Almost from its conception in 1990, Oblong Land Conservancy has recognized the significance of this resource and its vulnerability. We worked with the U.S. Park service to protect a unique rare plant community in the wetland, south of the Appalachian Trail Corridor, which includes some frontage on Route 22. It will remain forever green.

Pawling Corporation provided the funding for an analysis and a map of the various cover types of vegetation in the North Flow. With help from a grant from The Iroquois Pipeline, we purchased our “Scudiere” Preserve,” our first preserve, a unique marsh in the Village of Pawling and restored its edges; accepted a gift of land from the Carruth Family, (prime turtle nesting habitat on the Swamp River); a donation of the most photographed 10 acres on River road in Pawling from Donald and Anna Zaengle; and donations of conservation easements on 176 acres, consisting of Ray Lake, wetlands and uplands from Gordon Douglas, and an adjacent 157 acres of wetlands and uplands (Cushman Farms) from Peckham Industries, in the southern drainage. Our most recent acquisition, the 106 acre Slocum-Mostachetti Preserve is a rare “marble hill” surrounded by The Great Swamp, located in Wingdale, acquired in partnership with FrOGS.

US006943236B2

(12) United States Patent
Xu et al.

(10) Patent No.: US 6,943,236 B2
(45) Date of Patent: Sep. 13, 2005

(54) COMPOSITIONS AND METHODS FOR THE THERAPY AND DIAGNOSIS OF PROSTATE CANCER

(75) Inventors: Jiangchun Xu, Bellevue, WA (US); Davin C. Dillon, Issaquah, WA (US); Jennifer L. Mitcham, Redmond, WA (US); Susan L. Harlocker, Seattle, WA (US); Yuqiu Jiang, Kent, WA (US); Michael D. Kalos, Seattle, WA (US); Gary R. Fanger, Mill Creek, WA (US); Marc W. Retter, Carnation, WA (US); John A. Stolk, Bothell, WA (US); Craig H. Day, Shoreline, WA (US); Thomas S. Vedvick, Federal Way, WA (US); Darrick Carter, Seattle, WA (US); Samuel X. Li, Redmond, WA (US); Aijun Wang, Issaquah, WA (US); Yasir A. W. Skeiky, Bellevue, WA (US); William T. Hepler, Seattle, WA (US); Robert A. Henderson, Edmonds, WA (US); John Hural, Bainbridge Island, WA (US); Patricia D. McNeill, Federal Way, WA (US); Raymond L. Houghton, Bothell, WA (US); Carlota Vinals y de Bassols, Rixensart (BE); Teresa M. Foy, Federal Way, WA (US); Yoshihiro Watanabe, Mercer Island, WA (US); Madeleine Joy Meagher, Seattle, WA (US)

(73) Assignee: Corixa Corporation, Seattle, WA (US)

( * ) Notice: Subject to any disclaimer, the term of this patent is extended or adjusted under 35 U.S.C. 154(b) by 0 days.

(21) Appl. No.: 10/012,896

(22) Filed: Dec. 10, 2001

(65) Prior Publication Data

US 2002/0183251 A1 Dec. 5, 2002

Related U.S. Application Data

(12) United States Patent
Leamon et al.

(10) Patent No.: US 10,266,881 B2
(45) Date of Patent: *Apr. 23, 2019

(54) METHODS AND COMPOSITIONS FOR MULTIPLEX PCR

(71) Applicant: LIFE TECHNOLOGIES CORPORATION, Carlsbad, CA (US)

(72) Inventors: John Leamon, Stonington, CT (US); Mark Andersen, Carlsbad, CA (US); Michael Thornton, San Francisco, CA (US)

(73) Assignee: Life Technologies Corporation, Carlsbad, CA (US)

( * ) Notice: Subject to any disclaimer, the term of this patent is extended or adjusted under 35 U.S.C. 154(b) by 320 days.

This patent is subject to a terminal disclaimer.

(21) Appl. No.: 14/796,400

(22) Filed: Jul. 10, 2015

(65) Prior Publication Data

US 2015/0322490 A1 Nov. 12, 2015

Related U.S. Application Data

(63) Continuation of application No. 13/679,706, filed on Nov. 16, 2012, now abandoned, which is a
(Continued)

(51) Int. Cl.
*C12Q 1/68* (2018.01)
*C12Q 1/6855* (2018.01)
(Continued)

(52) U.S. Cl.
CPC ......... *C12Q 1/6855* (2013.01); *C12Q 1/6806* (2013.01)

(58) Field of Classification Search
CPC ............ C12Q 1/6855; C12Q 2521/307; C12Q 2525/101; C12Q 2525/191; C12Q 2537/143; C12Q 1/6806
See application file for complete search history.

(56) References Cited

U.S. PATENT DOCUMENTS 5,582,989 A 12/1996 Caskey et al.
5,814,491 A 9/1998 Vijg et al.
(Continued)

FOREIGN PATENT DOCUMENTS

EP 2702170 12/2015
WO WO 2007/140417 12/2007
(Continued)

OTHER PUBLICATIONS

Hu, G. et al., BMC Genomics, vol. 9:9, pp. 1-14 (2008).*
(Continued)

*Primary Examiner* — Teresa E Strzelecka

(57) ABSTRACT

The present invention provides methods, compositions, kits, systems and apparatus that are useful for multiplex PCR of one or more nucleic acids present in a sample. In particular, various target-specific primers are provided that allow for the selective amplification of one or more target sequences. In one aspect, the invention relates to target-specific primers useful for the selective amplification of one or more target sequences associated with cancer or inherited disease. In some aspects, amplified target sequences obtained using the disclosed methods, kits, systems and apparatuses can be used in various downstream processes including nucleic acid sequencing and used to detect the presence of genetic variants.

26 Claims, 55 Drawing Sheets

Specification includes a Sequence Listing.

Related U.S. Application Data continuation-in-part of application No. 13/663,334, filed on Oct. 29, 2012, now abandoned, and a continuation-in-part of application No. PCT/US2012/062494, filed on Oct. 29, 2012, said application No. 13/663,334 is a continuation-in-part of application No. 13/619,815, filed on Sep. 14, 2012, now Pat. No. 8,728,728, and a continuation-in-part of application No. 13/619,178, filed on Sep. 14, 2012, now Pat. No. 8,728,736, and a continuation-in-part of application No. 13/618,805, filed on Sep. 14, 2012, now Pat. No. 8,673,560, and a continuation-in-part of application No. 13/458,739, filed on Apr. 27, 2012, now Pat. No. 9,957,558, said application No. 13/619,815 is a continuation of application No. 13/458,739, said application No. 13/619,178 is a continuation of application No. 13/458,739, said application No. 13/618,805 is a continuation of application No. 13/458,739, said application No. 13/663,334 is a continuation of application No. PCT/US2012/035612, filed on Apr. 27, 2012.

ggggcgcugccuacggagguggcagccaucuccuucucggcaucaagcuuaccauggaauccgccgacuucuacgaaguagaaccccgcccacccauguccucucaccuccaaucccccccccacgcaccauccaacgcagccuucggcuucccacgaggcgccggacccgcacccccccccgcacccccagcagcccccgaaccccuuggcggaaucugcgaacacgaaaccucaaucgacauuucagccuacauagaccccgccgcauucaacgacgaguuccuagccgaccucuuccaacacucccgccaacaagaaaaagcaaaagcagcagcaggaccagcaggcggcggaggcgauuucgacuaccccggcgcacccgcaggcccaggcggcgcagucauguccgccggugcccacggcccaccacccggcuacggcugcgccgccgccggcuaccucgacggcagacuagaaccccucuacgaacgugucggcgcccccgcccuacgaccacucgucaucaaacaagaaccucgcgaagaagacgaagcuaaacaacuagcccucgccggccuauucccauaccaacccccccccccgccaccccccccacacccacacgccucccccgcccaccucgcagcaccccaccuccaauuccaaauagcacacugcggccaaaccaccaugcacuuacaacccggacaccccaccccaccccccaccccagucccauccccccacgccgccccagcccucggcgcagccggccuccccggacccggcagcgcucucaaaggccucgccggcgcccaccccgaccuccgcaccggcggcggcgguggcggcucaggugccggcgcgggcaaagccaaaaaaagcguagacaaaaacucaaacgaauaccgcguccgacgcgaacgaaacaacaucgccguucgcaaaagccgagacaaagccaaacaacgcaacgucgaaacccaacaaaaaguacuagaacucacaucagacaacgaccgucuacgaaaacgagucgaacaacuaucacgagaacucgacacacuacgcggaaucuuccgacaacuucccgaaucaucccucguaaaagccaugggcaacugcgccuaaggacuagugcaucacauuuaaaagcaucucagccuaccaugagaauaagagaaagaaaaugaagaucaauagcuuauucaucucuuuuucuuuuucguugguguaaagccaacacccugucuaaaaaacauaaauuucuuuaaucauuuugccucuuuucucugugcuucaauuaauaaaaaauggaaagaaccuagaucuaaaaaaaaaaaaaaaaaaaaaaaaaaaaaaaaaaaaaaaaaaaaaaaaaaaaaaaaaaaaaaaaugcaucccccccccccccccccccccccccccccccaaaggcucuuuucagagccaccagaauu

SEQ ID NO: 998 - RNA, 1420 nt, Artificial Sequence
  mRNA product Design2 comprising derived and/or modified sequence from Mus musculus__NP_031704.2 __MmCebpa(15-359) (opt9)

Oblong currently has ongoing contacts with numerous landowners in Dutchess County, in accord with a conservation plan for The Great Swamp, adopted in collaboration with our partners: FrOGS, the Putnam County Land Trust, and The Nature Conservancy.

Monday, April 26, 2010

Successful Partnership Between Farmers and Land Trust

check out this great video from Scenic Hudson:

to learn more about easements, visit our Landowner Benefits page

Saturday, April 3, 2010

First First Saturday

A wonderful beginning to our "First Saturdays" series of organized outdoor activities!